Trudeau ‘deeply disappointed’ over GM’s Canada plant closure

Ottawa: Prime Minister Justin Trudeau said Monday he had expressed his “deep disappointment” to General Motors over its decision to shutter a Canadian automotive assembly plant.

The move came as part of a massive restructuring announced earlier by the US auto giant that includes closing seven plants worldwide to save $6 billion.

Trudeau said the plant’s workers in Oshawa, in the east-central province of Ontario, had been “part of the heart and soul” of the community for generations and pledged government support for their families.

“Yesterday, I spoke with @GM’s (chief executive and chairwoman) Mary Barra to express my deep disappointment in the closure,” he tweeted.

The closure affects more than 2,500 workers who produce the Chevrolet Impala and the Cadillac XTS, as well as Silverado pick-up trucks.

Workers left at the start of their shift on Monday as assembly lines were shut down for the day.

Production began in 1953 and at its peak in the 1980s, the plant employed roughly 23,000 people.

Its operations even became a talking point for US President Donald Trump during tense Canada-US negotiations to revamp a continental trade pact.

“Every time we have a problem with a point, I just put up a picture of a Chevrolet Impala,” Trump said in off-the-record comments to Bloomberg that were reported by the Toronto Star.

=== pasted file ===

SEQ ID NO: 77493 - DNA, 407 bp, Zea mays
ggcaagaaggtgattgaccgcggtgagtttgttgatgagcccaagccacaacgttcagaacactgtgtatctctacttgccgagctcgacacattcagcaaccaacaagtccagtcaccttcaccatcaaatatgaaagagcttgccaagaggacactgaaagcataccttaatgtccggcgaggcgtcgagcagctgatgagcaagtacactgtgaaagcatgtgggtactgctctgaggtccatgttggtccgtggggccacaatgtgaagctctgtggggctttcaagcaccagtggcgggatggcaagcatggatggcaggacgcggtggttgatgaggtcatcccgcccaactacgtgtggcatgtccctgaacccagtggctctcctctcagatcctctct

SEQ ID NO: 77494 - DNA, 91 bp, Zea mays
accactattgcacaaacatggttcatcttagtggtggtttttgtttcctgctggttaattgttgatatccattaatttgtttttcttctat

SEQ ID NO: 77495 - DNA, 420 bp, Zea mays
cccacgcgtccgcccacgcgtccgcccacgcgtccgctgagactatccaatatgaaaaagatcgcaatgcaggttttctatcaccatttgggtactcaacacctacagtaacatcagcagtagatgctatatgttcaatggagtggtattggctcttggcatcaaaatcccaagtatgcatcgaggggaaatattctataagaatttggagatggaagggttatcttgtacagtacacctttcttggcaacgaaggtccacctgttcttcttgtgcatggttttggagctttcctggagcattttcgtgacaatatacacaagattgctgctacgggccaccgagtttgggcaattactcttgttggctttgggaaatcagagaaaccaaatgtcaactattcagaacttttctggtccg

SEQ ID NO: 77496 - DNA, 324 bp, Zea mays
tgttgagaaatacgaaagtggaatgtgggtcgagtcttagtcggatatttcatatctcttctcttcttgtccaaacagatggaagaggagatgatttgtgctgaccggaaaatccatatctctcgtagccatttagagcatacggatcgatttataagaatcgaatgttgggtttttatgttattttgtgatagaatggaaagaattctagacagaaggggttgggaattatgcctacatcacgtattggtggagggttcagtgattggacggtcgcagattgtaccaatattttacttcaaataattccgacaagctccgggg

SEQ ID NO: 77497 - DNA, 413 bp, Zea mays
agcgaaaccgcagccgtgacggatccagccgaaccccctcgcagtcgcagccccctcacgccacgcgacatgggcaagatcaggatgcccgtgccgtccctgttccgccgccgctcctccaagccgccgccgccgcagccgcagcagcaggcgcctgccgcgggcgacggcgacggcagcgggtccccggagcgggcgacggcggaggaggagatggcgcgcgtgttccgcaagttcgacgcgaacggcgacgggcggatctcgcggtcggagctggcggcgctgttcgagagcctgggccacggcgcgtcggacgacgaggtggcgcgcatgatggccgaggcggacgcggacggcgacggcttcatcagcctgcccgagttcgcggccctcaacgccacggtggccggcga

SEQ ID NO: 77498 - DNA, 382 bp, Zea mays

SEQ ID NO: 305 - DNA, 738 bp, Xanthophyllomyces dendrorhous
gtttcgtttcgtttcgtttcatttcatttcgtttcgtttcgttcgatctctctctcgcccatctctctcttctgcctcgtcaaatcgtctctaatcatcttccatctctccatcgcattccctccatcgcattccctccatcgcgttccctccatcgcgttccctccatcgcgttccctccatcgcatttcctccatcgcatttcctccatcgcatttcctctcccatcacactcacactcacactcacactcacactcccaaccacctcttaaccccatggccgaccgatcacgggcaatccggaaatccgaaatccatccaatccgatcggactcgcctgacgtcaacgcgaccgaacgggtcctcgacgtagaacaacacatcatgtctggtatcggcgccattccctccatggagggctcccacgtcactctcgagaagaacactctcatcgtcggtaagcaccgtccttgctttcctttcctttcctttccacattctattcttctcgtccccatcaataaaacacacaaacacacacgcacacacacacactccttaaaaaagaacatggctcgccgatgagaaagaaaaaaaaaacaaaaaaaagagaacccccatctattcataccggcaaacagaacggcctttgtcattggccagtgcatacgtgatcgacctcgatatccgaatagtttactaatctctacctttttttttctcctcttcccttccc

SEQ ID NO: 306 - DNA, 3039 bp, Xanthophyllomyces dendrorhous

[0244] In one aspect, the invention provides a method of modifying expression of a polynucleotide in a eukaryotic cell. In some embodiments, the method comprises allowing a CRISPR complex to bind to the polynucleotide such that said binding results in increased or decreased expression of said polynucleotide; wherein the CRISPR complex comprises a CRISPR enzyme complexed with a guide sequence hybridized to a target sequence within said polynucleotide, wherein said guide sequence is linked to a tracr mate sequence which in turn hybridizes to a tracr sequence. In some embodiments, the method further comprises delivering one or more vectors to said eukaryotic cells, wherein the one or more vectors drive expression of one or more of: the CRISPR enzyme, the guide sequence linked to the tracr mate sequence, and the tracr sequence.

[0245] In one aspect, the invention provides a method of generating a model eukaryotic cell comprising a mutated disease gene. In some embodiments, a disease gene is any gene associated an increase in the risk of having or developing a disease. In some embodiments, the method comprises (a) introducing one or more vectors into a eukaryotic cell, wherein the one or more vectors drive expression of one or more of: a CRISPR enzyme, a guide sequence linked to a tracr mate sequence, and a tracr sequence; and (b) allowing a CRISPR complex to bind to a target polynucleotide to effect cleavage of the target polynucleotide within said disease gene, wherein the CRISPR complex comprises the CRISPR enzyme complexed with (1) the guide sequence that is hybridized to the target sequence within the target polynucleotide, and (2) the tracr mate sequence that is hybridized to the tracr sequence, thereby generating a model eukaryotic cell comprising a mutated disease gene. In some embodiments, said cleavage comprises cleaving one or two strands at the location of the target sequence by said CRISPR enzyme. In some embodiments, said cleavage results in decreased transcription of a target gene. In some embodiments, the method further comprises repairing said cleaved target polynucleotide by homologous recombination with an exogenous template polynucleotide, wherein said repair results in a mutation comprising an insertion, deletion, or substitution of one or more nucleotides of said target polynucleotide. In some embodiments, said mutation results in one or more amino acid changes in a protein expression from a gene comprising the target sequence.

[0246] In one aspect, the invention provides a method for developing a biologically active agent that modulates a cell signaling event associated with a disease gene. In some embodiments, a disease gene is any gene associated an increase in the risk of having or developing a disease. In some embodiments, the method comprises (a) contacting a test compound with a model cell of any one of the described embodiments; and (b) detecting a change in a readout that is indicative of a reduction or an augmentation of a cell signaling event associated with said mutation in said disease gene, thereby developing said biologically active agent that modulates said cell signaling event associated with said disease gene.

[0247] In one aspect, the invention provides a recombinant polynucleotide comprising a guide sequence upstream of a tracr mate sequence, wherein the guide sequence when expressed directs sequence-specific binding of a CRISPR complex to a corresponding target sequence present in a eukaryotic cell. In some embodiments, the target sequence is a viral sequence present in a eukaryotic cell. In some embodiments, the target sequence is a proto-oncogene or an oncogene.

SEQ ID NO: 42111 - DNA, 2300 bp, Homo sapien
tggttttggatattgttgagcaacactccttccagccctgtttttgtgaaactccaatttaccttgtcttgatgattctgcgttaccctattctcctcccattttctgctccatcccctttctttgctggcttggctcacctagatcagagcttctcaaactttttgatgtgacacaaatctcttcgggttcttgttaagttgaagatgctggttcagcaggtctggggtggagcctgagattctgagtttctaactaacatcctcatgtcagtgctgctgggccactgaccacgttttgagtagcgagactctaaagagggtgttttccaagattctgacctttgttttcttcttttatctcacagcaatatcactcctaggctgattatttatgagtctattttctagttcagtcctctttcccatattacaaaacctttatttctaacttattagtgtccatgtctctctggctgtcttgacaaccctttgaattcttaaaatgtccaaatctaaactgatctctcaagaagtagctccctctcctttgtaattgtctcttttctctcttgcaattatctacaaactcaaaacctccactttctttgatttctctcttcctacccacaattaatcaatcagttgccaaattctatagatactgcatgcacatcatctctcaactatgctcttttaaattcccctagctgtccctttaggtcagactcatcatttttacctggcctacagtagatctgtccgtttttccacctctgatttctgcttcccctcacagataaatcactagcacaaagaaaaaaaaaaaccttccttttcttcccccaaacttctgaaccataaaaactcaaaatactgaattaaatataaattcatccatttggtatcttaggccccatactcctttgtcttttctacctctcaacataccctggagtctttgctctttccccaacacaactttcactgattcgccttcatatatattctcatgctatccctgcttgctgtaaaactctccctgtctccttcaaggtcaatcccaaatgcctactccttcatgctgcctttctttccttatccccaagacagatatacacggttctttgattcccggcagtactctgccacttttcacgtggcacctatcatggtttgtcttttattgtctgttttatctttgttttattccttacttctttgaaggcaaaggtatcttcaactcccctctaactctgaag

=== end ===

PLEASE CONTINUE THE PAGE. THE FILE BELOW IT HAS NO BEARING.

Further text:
Federal Economic Development Minister Navdeep Bains, speaking in the House of Commons foyer, signaled the government’s intention to “continue to defend the automotive sector.”

He noted the several billions of dollars in loans and support for the sector from the Canadian and Ontario governments in 2009, while lamenting the hardship facing workers after the Oshawa plant closes.

“This is a really big deal in Oshawa,” he said. “There is a long-standing, proud history in terms of General Motors’s presence in Oshawa, so now to see this plant close… is incredibly devastating.”

Jerry Dias of Unifor, the union representing Canadian autoworkers, meanwhile, said the closure “makes no sense.”

The union, he said, “does not accept the closure of the plant as a foregone conclusion” and “will vigorously fight again to maintain these good-paying auto jobs.”

[source_without_link] Agence France-Presse[/source_without_link]